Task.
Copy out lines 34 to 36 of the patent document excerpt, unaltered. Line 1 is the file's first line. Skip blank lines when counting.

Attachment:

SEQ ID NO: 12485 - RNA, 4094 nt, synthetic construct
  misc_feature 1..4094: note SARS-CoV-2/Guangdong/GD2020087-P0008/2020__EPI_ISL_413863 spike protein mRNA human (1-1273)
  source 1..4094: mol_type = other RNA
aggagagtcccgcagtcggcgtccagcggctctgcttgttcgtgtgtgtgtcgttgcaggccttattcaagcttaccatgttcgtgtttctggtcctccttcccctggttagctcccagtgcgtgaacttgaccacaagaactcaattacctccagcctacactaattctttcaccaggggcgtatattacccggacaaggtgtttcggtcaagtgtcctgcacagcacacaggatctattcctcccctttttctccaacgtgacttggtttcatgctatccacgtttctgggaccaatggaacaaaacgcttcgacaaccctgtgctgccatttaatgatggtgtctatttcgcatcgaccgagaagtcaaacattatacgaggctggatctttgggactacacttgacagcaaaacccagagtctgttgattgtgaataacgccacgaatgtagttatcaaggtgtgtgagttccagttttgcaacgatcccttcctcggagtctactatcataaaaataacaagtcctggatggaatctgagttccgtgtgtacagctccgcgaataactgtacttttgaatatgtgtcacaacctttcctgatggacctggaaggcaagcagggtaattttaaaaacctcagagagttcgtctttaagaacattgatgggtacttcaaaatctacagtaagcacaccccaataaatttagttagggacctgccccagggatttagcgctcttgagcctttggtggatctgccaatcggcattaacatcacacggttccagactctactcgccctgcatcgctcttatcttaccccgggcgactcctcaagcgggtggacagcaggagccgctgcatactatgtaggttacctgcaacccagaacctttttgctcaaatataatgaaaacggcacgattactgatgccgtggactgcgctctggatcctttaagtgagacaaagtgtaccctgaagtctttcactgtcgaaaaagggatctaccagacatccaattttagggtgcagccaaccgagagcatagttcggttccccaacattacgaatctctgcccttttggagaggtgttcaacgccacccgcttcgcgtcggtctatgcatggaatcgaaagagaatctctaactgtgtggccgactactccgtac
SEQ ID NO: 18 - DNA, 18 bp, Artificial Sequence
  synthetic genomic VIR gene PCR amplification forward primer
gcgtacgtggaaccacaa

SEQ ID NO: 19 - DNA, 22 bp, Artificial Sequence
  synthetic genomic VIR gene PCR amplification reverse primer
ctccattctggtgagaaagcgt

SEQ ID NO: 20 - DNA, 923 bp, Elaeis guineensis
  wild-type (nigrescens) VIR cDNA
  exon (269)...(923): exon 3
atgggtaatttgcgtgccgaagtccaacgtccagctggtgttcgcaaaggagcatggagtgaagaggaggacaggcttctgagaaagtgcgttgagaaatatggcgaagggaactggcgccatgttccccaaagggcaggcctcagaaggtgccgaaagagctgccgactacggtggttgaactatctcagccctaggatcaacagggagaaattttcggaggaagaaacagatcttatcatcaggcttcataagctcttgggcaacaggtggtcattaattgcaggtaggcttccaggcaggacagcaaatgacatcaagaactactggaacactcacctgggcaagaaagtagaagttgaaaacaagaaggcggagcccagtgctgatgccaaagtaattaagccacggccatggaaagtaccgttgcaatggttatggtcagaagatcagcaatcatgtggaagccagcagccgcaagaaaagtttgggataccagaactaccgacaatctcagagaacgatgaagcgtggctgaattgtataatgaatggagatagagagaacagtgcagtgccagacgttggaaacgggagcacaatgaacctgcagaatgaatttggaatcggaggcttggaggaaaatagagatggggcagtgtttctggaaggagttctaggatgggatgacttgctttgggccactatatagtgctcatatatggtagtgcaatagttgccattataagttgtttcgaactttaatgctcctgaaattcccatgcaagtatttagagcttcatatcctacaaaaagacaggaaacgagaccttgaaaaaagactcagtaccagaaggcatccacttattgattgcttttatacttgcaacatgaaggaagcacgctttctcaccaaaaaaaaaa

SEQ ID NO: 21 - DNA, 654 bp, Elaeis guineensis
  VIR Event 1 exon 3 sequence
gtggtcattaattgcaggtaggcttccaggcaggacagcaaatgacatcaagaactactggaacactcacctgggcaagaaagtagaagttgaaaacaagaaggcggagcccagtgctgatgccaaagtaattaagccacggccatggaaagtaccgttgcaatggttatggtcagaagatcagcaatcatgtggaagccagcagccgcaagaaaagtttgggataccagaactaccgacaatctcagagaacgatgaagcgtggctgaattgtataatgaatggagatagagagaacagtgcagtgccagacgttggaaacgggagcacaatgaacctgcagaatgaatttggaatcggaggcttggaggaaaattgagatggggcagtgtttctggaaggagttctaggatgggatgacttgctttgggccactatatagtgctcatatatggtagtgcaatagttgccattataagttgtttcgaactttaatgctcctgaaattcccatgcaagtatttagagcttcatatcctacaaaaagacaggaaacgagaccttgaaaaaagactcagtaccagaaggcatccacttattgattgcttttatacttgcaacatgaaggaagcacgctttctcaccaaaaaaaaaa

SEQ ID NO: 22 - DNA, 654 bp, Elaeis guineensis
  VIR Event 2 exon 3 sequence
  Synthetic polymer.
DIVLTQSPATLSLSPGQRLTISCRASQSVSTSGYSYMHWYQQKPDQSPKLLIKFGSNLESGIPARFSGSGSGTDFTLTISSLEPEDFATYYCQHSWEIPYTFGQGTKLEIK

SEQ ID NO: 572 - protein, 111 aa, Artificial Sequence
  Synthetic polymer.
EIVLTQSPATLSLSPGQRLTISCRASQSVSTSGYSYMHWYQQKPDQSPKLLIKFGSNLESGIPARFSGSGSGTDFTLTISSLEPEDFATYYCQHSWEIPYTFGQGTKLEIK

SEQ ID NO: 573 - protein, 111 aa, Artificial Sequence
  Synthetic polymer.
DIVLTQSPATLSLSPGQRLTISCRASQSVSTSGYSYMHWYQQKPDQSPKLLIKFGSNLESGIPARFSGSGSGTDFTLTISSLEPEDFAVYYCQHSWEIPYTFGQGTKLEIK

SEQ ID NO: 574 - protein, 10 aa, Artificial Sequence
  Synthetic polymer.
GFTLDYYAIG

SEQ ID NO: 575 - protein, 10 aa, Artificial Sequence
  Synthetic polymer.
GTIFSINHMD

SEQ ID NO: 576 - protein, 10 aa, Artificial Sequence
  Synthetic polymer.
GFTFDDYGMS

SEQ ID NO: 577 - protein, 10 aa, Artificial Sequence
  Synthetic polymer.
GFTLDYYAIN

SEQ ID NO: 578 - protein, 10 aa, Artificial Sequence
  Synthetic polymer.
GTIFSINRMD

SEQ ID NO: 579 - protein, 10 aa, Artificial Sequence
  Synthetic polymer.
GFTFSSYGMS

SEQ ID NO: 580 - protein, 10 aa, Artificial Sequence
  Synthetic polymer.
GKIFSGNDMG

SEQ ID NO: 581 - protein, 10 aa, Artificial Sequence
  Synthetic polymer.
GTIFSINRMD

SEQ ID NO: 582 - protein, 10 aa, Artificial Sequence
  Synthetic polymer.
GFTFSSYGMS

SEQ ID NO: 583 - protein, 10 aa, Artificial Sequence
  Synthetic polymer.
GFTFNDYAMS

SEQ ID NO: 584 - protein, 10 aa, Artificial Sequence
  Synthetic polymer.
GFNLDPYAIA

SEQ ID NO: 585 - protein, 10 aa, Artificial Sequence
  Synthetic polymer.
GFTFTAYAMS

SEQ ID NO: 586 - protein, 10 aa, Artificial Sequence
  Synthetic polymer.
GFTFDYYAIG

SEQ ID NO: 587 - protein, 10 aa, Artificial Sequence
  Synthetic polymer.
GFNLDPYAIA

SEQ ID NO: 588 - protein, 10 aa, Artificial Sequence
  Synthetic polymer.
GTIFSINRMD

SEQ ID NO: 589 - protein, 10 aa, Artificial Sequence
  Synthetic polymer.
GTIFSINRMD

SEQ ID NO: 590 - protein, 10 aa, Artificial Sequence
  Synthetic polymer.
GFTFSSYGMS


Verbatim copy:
SEQ ID NO: 576 - protein, 10 aa, Artificial Sequence
  Synthetic polymer.
GFTFDDYGMS